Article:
Are you ready for stories of violence in the Bible? The fact is that all revealed religions are just that "revealed" and therefore, open to interpretations by the adherents. It is the reason we have so many denominations in Christianity because we do not all agree on the meaning of a particular passage of our scripture. Yes, Islam has a history of violence and so does Christianity. Do the crusades come to mind? How about wars and killings in Ireland and Uganda? I am not defending Islam nor do I advocate for Christianity to be seen as the religion of the "civilised". The fact remains that religion remains a source of conflict in the modern world because of ethnocentrism. As Archbishop Desmond Tutu eloquently stated in his new book, "God is not a Christian", we belong and practice a particular religion because of the accident of our birth.
If our parents were born in Saudi Arabia instead of southern Nigeria, chances are that you and I will be Muslims today and how we practice that religion would depend on our level of education and socio-economic status. We have this tendency to evangelise and see our culture and religion as "the way" and all others as savages. No one religion has a monopoly on fundamentalism; it is a function of how we see the world. To many, religion may be the only way of making sense of the world and so everything else is filtered through such lenses. The French sociologist, Emile Durkheim, had taught the world that the primitive form of the religious life forces those who know nothing else to see the world exclusively through the workings of the supernatural. It is when we defy the gods and ask questions that we can escape the grip of the primitive as the British writer, Salman Rushdie, noted.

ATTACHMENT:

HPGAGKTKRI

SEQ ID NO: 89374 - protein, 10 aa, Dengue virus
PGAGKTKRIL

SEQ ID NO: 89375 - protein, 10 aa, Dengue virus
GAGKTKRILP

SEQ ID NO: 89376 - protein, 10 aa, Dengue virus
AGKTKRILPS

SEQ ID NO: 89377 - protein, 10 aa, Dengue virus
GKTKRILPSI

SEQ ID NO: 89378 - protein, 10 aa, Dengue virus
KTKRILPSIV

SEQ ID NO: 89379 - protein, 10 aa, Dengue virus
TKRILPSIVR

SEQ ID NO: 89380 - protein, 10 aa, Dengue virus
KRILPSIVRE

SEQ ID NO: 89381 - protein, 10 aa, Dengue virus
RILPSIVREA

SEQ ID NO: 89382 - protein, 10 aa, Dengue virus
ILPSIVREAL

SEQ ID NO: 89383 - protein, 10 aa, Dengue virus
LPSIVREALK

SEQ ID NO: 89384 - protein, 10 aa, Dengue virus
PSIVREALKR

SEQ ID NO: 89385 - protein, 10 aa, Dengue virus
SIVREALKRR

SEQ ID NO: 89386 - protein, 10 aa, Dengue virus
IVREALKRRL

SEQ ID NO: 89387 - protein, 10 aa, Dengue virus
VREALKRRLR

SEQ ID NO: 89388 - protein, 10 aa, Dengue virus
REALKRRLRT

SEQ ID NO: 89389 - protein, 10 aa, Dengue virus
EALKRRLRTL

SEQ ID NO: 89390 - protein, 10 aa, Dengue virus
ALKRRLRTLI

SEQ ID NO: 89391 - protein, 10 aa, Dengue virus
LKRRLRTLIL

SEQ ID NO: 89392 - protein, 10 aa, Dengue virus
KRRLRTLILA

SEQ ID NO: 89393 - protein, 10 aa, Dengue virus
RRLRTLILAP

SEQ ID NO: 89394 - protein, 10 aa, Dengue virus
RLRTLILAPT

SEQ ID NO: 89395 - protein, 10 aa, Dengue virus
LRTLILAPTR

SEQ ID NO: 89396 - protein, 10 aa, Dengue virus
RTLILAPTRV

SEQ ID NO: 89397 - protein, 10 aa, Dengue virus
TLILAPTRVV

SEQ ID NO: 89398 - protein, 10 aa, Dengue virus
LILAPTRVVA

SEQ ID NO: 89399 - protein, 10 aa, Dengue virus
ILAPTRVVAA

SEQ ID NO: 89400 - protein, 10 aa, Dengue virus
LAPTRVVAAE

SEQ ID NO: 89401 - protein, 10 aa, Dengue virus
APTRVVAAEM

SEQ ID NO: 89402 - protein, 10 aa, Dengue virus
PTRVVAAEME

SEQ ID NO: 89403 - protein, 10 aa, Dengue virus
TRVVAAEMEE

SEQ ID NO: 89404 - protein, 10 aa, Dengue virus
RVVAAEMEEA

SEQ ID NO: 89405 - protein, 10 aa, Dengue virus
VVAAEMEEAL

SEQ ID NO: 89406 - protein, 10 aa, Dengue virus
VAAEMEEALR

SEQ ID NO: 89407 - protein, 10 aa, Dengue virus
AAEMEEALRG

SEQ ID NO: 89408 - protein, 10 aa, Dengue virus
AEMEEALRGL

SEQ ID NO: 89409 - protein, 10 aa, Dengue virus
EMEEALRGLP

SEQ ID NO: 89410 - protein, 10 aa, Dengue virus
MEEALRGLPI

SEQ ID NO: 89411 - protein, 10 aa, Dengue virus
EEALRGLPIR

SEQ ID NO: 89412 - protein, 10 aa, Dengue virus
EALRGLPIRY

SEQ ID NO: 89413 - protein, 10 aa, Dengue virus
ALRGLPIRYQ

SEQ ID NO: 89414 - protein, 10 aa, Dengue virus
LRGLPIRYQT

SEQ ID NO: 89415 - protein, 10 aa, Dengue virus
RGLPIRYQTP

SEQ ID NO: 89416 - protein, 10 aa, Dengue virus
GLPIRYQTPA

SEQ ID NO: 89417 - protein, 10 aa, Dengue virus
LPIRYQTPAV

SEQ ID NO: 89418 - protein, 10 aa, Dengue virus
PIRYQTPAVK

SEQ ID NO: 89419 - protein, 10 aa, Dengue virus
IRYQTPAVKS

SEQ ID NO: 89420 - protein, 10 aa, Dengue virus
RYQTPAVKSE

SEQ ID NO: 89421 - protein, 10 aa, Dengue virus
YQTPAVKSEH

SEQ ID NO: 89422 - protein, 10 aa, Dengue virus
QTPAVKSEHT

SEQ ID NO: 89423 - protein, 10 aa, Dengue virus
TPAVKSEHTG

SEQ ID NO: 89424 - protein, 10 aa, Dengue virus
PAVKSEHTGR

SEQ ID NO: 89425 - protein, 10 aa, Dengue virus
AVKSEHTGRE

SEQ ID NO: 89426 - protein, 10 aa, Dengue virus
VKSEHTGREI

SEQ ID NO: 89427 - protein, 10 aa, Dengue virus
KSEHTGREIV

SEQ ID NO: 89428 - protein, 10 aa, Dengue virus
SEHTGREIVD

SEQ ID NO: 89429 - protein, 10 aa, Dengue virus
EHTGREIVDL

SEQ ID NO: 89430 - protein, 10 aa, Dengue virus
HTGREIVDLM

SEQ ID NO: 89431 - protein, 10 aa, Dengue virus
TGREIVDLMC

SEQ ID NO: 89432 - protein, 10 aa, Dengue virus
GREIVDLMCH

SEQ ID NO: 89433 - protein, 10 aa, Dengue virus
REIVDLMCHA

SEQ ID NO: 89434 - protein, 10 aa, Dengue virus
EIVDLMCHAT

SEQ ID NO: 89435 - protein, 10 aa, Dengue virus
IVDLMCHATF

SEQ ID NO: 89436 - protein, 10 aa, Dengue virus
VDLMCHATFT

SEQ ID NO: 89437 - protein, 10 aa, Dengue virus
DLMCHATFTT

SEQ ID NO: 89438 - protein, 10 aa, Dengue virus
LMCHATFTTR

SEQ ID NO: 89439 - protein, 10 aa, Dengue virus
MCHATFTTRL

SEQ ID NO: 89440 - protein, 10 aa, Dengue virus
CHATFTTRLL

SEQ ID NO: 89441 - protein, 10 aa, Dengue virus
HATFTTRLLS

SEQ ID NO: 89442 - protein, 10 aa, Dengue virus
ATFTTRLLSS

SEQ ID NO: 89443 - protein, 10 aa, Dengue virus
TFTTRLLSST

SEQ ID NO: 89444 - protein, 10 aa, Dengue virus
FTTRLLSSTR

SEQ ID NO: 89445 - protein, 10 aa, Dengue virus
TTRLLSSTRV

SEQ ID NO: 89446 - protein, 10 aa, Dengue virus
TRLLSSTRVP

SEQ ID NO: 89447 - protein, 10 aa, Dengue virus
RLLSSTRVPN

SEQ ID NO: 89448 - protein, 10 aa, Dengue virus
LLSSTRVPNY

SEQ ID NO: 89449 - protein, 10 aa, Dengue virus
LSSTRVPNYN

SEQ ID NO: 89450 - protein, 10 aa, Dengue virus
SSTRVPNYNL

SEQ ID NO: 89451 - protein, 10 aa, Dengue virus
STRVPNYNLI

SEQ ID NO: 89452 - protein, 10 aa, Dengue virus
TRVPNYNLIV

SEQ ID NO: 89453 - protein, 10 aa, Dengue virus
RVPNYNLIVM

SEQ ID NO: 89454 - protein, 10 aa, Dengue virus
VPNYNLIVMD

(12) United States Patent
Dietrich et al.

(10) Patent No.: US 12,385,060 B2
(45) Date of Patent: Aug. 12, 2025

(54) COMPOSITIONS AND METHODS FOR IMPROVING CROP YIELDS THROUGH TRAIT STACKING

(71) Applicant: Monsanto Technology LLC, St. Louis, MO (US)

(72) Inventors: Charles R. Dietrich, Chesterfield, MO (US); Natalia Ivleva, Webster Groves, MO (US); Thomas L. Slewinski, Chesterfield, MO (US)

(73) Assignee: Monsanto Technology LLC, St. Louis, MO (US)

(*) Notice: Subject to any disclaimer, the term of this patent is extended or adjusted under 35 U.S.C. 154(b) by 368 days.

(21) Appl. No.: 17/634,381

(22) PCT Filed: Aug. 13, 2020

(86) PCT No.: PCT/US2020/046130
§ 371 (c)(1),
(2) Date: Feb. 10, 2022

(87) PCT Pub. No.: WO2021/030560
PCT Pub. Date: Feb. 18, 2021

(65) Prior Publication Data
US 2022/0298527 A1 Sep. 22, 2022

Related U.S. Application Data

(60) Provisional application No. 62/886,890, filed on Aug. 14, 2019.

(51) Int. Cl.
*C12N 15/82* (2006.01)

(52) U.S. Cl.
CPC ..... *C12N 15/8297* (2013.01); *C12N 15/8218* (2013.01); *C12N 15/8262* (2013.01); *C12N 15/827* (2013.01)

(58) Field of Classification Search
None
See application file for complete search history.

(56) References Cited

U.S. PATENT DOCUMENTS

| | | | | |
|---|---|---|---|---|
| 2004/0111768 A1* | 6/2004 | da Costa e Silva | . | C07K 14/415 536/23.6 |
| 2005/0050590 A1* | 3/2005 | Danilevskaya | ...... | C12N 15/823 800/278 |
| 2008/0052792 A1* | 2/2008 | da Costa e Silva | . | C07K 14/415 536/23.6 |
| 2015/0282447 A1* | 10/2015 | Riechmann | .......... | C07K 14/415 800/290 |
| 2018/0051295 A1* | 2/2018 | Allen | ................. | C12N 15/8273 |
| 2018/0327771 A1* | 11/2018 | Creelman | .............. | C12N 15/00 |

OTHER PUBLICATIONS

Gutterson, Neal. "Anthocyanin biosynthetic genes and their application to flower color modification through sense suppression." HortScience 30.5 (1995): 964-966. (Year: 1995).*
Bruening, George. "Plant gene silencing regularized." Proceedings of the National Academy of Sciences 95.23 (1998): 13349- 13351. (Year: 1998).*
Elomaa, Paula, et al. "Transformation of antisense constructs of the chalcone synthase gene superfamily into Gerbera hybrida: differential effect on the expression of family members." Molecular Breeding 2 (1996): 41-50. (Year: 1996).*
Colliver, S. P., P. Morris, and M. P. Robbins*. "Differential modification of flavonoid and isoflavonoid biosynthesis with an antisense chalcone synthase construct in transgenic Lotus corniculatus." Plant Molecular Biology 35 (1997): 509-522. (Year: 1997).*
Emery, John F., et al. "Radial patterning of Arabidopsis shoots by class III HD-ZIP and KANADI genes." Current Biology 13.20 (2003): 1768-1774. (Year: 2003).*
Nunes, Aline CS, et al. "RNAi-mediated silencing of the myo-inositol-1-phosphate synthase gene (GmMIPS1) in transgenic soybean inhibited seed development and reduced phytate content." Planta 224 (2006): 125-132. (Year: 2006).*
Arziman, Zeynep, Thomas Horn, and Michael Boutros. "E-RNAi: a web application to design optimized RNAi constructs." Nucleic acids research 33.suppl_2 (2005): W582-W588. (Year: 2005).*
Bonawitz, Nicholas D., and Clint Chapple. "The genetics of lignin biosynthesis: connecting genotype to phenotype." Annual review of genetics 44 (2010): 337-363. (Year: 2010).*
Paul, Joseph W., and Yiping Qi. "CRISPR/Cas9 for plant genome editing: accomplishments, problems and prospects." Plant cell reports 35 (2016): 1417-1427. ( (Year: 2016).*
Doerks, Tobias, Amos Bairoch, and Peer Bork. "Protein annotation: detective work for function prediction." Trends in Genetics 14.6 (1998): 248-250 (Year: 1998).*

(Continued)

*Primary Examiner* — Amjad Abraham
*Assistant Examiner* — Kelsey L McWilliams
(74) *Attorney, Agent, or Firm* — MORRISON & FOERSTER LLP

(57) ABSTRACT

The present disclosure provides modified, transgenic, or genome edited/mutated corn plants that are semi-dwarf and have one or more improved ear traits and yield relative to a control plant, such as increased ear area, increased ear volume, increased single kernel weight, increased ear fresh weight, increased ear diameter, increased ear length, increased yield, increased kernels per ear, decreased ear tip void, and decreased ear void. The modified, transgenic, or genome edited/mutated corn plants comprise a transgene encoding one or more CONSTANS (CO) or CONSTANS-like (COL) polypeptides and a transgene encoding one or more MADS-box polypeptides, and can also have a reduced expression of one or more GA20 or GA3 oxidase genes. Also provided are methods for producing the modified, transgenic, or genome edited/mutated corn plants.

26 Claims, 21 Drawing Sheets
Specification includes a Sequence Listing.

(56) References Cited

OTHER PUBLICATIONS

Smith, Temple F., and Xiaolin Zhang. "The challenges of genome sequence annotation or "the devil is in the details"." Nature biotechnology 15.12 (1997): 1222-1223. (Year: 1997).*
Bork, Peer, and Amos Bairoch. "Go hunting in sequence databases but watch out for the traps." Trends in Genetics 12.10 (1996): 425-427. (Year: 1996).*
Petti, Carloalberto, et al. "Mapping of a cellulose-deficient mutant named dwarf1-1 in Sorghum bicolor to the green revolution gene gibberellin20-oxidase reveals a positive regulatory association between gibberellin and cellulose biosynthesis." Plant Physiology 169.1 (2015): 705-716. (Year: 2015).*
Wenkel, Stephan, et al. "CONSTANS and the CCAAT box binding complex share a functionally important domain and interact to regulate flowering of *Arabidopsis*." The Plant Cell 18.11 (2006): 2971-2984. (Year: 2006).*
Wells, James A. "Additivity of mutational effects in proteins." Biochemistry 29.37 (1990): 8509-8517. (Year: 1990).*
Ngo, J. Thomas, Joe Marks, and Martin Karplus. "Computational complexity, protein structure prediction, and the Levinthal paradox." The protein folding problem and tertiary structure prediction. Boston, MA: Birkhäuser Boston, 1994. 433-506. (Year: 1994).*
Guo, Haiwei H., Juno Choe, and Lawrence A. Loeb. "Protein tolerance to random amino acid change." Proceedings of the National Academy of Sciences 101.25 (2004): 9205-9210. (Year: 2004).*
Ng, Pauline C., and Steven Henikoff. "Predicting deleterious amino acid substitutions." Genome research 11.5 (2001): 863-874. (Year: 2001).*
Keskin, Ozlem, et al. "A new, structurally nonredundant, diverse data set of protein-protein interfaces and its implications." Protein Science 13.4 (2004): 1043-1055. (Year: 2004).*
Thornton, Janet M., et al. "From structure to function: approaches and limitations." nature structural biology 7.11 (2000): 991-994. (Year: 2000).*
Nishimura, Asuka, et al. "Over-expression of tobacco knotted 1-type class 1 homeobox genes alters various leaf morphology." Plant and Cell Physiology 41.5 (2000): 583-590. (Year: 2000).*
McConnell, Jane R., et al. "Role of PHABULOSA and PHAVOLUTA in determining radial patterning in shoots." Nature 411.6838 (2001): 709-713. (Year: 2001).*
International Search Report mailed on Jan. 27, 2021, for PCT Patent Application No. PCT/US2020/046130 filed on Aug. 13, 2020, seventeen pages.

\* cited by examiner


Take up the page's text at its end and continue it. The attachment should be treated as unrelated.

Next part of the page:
Rather than blame Islam as a religion, religious fundamentalism should be seen as a symptom of what is wrong in the society and our educational system. As a social scientist, I do not like simple answers because the world is too complex for finger pointing. The Boko Haram menace and religious fundamentalism in Nigeria depend on the ability to recruit the poor and those who are not educated. Religious violence depends on the ability to convince those who cannot read and write that one interpretation of an ancient text holds the key to liberation from poverty and suffering. Ability to convince people to look past human emotions and the sacredness of human life depends on that ancient and primitive reasoning that the individual is serving a higher purpose by being non-human. In the end, it is the human being who thinks that he or she is serving the divine by killing others that is evil. Religion in itself is not bad, it is we who are bad; it is what we make of it that is bad.
Professor Ette teaches social work and community development at the Northwest Nazarene University, Nampa Idaho, USA.